Mobile phone contracts are difficult to get out of, and T-Mobile is no exception. IF you subscribe to T-Mobile, you probably already know that the company was merged with Orange in the UK to create EE. Whether coverage isn't as good as you thought it would be, you have moved to a new area with poor coverage, you have found a less expensive cell phone plan, or you just want to get rid of your mobile phone altogether, you are still under your contractual obligations. Fortunately, there are a few ways to get out of your contract with T-Mobile.
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Call the EE T-Mobile customer service number (see Resources). Find out when your contract is up, and voice your complaints to the customer service representative. Speak to a manager if possible. He may be able to resolve your complaint, or offer you upgrades or discounts.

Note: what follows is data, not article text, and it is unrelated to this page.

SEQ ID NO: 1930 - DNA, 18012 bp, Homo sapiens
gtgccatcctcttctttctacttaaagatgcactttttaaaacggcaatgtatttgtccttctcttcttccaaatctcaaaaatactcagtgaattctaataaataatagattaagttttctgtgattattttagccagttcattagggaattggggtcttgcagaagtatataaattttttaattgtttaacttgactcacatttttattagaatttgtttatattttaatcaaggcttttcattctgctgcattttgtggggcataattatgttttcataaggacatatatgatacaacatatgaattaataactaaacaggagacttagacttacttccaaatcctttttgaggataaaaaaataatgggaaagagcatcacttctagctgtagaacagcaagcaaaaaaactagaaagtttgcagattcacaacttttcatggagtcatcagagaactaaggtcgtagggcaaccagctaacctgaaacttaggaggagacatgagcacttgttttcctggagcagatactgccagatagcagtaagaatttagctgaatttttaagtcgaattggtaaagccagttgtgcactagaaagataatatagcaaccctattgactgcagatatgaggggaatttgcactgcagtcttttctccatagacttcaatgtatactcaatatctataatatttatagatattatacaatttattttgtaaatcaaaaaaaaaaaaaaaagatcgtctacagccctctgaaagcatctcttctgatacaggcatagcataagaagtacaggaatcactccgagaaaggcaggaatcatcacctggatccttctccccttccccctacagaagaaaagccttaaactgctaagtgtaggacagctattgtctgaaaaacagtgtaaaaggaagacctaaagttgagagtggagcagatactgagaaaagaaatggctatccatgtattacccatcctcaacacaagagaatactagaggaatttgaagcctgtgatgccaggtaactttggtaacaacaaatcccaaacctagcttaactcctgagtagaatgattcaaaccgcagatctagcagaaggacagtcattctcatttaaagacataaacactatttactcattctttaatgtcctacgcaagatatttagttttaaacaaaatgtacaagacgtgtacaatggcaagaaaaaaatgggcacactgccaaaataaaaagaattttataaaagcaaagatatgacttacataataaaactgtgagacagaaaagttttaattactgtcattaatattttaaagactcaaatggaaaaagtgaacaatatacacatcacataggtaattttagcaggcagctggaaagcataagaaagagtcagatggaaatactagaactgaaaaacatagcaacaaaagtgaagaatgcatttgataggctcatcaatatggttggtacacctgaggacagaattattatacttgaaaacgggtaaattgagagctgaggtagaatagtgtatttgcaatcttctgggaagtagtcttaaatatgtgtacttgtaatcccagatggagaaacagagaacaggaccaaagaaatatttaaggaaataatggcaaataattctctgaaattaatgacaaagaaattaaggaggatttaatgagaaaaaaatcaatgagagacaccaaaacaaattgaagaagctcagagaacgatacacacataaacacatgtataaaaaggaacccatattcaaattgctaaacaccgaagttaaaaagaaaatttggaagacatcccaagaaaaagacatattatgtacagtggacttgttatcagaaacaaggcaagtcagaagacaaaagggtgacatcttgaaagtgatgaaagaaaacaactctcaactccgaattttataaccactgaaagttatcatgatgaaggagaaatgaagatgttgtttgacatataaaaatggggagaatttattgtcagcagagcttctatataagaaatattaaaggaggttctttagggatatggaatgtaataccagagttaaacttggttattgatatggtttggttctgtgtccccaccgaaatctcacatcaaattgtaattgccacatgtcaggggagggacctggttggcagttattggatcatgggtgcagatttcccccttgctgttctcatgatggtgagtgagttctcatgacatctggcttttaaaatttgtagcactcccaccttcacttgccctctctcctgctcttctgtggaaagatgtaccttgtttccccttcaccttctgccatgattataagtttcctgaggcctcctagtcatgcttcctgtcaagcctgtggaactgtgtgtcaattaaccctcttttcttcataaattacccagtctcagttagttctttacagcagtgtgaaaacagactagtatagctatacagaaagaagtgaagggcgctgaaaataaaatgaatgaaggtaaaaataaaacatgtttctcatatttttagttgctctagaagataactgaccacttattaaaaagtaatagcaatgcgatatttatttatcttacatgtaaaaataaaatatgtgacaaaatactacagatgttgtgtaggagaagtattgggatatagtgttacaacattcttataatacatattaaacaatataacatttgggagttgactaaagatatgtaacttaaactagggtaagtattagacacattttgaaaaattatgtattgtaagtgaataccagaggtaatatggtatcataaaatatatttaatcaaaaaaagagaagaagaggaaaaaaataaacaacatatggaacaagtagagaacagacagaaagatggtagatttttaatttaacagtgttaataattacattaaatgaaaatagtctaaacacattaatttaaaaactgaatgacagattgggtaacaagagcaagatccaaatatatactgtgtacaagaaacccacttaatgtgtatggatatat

Do the maths. Figure out how many months you have left in your contract and compare that to the early cancellation fee. If the amount you will pay for your mobile phone bill greatly exceeds the cancellation fee, consider paying the fee. Be wary if you have multiple phone lines -- the cancellation fee is per number (or line), so if you have three phones, you will have to pay to cancel each contract.
Sell your contract on websites like eBay. You benefit by getting out of your contract; the buyer benefits by a shorter contract without activation fees.
Wait for a "materially adverse" change in your coverage. Read all notices regarding changes in your mobile phone bill, and if there is an extra charge (no matter how small) that affects you, call customer service immediately to cancel your contract. Be sure to mention the words "materially adverse," and speak to a manager if necessary.
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